Second, I knew that Martin Fowler had included only a few refactorings to patterns in Refactoring F, and he clearly stated that he hoped someone would write more. That seemed like a worthwhile goal.

Finally, I noticed that people in The Design Patterns Workshop, a class that my colleagues and I teach, needed more help in figuring out when to actually apply a pattern to a design. It’s one thing to learn what a pattern is and an altogether different thing to really understand when and how to apply the pattern. I thought that these students needed to study real-world examples of cases where applying a pattern to a design makes sense, and thus I began compiling a catalog of such examples.

As soon as I began writing this book, I followed Bruce Eckel’s lead and placed my rather rough contents on the Web to obtain feedback. The Web is indeed a beautiful thing. Many folks responded with suggestions, encouragement, and appreciation.

As my writings and ideas matured, I began presenting the subject of Refactoring to Patterns in conference tutorials and during Industrial Logic’s intensive patterns and refactoring workshops. This led to more suggestions for improvement and many ideas on what programmers needed to understand this subject.

Gradually I came to see that patterns are best viewed in the light of refactoring and that they are destinations best reached by applying sequences of lowlevel refactorings.

When my writings began to resemble a book, rather than a long paper, I was fortunate enough to have many experienced practitioners review my work and offer suggestions for improvement. You can read more about these folks in the Acknowledgments section.

Standing on the Shoulders of Giants

In the summer of 1995, I walked into a bookstore, encountered the book Design Patterns DP for the first time, and fell in love with patterns. I wish to thank the authors, Erich Gamma, Richard Helm (whom I still haven’t met), Ralph Johnson, and John Vlissides for writing such an excellent piece of literature. The wisdom you shared in your book has helped me become a much better software designer.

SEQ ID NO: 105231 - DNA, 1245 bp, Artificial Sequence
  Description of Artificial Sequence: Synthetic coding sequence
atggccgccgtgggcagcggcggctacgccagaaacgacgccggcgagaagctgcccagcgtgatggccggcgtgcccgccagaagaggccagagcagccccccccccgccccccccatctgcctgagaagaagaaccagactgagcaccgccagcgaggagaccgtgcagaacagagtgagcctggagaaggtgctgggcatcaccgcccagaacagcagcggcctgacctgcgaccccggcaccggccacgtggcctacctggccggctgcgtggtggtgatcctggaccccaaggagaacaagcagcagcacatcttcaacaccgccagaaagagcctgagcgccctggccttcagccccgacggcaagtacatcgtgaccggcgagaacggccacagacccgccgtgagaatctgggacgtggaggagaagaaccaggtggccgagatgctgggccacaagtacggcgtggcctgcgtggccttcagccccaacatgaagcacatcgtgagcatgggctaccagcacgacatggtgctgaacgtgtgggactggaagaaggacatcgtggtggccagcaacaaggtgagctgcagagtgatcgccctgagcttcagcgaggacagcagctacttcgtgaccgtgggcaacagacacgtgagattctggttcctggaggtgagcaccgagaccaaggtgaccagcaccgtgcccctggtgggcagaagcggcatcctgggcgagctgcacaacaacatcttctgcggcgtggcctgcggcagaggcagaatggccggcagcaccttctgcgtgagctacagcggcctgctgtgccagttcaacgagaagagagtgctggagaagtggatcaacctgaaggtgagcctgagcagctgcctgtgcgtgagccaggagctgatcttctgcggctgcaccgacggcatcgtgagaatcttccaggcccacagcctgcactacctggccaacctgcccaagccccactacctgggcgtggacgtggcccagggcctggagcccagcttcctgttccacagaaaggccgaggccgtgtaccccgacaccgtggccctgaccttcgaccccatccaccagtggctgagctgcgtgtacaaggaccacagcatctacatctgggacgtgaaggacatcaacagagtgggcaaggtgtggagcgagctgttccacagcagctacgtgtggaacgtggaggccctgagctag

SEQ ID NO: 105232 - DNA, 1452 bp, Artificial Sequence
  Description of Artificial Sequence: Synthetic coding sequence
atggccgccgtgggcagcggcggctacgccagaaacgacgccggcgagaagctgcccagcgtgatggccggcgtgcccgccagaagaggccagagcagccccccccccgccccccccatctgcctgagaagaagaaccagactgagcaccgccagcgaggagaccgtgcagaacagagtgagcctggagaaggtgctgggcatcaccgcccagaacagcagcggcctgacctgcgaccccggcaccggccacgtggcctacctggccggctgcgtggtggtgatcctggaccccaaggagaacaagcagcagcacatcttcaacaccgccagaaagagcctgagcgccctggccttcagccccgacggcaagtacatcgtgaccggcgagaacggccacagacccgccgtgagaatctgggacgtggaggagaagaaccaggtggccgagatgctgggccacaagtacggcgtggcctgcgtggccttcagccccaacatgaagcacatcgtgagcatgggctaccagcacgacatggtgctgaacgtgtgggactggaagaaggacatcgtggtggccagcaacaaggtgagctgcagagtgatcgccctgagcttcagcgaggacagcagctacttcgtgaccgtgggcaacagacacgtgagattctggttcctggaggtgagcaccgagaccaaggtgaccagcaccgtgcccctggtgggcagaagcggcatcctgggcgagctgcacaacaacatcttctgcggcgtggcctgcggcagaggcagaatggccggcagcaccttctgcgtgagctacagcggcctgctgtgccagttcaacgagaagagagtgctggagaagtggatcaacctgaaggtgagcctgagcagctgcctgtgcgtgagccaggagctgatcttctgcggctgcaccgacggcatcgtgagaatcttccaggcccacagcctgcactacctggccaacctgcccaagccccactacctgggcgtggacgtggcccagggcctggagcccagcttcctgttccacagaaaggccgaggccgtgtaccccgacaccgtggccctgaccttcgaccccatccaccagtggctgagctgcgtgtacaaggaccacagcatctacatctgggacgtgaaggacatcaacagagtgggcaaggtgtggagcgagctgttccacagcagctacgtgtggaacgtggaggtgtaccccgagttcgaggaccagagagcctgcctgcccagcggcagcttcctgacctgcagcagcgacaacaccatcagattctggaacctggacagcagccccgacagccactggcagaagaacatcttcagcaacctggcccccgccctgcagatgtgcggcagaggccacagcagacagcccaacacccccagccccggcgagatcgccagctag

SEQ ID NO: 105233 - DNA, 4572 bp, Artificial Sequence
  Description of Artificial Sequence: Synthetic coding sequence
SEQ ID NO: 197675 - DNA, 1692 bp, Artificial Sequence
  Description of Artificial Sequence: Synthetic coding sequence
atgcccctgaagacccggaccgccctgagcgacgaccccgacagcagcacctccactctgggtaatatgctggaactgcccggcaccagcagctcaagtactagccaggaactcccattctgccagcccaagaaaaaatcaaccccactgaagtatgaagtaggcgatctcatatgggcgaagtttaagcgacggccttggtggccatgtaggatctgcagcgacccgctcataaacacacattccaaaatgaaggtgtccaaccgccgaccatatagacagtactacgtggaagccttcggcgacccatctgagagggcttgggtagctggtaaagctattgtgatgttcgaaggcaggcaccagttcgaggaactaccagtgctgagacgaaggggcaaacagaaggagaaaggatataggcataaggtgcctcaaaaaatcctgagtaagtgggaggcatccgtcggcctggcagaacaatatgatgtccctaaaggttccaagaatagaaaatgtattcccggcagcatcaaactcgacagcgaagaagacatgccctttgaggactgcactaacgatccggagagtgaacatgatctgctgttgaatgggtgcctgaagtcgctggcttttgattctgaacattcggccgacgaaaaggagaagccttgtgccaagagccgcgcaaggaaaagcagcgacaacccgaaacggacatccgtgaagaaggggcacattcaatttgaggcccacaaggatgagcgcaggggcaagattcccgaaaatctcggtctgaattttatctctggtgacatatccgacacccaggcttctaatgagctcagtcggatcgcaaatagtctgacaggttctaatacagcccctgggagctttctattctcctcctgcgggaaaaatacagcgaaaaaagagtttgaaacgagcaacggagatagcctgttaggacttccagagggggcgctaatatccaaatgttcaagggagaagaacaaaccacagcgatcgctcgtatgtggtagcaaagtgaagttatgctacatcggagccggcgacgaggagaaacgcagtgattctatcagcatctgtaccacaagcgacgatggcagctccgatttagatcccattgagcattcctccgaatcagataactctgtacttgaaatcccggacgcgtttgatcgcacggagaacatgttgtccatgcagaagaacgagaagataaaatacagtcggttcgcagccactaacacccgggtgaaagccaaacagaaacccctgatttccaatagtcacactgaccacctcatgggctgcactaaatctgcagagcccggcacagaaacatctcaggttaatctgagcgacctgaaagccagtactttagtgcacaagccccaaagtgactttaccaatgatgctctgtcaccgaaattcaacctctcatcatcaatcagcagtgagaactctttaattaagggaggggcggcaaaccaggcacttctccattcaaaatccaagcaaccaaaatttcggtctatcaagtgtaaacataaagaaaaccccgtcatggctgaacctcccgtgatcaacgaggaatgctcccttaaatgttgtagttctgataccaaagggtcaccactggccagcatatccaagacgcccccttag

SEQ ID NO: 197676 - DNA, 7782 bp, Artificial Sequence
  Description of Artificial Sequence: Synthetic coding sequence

Somewhere around 1996, before he became famous, I met Martin Fowler at a patterns conference. It was to be the beginning of a long friendship. I doubt whether I would have written this book if Martin (and his colleagues, Kent Beck, William Opdyke, John Brant, and Don Roberts) had not written the classic book Refactoring F. Like Design Patterns, Refactoring utterly changed the way I approach software design.

My writings in this book could only have happened because of the hard work of the authors of Design Patterns and Refactoring. I can’t thank you all enough for your great books.

From the Back Cover

In 1994,Design Patternschanged the landscape of object-oriented development by introducing classic solutions to recurring design problems. In 1999,Refactoringrevolutionized design by introducing an effective process for improving code. With the highly anticipatedRefactoring to Patterns, Joshua Kerievsky has changed our approach to design by forever uniting patterns with the evolutionary process of refactoring.

This book introduces the theory and practice of pattern-directed refactorings: sequences of low-level refactorings that allow designers to safely move designs to, towards, or away from pattern implementations. Using code from real-world projects, Kerievsky documents the thinking and steps underlying over two dozen pattern-based design transformations. Along the way he offers insights into pattern differences and how to implement patterns in the simplest possible ways.

Coverage includes:

  • A catalog of twenty-seven pattern-directed refactorings, featuring real-world code examples